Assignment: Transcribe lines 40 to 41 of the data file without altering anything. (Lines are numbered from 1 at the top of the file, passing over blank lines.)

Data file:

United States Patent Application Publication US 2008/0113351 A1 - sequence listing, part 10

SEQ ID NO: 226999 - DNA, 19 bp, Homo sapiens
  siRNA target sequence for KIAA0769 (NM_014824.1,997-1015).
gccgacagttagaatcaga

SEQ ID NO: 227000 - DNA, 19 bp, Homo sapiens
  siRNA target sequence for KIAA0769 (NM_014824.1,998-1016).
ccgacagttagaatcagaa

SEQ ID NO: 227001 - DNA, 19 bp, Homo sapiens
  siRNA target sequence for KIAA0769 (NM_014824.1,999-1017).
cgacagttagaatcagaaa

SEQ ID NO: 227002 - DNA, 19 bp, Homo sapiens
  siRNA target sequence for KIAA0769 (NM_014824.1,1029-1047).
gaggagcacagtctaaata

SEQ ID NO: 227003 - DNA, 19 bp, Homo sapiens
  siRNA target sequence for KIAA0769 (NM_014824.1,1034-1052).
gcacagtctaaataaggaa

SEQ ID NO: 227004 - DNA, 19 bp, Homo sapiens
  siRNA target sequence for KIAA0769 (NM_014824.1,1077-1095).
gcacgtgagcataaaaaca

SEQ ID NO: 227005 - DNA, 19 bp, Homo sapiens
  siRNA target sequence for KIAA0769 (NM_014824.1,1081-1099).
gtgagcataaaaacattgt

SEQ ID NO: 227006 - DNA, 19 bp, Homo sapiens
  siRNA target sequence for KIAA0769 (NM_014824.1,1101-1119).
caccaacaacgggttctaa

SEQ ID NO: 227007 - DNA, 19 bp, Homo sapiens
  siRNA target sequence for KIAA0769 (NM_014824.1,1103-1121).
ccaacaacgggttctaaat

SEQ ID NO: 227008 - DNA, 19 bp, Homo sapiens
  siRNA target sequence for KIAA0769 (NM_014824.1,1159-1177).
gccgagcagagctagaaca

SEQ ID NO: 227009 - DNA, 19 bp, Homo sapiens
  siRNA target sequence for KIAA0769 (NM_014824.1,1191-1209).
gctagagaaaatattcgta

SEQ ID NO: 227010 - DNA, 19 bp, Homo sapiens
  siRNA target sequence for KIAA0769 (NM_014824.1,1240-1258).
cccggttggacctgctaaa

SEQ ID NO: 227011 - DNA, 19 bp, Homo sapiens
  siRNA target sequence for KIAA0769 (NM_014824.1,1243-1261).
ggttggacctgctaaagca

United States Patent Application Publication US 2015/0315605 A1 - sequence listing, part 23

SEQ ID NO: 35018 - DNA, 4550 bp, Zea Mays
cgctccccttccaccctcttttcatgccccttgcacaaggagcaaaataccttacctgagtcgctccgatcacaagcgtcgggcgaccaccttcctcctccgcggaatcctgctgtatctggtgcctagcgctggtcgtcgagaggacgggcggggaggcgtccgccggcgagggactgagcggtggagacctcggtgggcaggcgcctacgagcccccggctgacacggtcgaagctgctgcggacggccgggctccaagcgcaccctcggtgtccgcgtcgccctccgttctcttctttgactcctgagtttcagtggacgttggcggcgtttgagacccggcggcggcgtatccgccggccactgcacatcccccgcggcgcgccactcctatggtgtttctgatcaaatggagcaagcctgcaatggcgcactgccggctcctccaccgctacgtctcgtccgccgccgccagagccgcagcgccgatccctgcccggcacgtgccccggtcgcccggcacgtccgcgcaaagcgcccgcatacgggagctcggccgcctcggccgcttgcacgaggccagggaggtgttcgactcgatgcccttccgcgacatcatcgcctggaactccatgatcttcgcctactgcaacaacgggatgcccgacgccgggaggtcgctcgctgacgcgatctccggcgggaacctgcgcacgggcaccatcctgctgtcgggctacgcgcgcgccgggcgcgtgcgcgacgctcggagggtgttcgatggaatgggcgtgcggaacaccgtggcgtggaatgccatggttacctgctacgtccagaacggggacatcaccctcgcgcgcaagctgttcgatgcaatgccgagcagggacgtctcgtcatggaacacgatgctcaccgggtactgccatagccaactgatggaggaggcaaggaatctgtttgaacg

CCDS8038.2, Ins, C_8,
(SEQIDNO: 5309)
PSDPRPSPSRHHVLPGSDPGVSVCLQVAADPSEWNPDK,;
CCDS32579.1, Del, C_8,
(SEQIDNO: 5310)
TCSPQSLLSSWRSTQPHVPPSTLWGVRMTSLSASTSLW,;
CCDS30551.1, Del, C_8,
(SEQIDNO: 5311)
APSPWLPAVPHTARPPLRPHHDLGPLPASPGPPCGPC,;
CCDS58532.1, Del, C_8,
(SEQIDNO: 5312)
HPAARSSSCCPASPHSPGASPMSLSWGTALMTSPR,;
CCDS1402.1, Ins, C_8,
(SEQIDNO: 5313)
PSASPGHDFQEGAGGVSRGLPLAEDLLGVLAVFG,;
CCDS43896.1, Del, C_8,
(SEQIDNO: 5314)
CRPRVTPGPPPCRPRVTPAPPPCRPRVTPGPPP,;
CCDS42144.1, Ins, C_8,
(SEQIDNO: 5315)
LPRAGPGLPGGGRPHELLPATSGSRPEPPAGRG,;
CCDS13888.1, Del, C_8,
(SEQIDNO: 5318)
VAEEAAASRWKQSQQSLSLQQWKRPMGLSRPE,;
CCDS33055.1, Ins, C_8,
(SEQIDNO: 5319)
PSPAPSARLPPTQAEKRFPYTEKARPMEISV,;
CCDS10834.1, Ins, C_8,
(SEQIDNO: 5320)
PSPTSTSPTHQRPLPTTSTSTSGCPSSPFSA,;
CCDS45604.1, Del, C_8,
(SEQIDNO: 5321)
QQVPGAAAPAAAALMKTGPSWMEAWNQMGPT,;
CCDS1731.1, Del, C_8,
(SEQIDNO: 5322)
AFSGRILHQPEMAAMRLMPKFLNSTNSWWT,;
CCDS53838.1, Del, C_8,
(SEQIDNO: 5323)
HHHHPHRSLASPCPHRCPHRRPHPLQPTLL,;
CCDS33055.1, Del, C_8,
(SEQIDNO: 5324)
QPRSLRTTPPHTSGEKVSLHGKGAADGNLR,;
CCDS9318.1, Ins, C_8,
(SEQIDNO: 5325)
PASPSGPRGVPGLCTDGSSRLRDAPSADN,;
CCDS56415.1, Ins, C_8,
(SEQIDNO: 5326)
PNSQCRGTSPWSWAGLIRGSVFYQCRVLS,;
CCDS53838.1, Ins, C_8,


ggttggacctgctaaagca

United States Patent Application Publication US 2015/0315605 A1 - sequence listing, part 23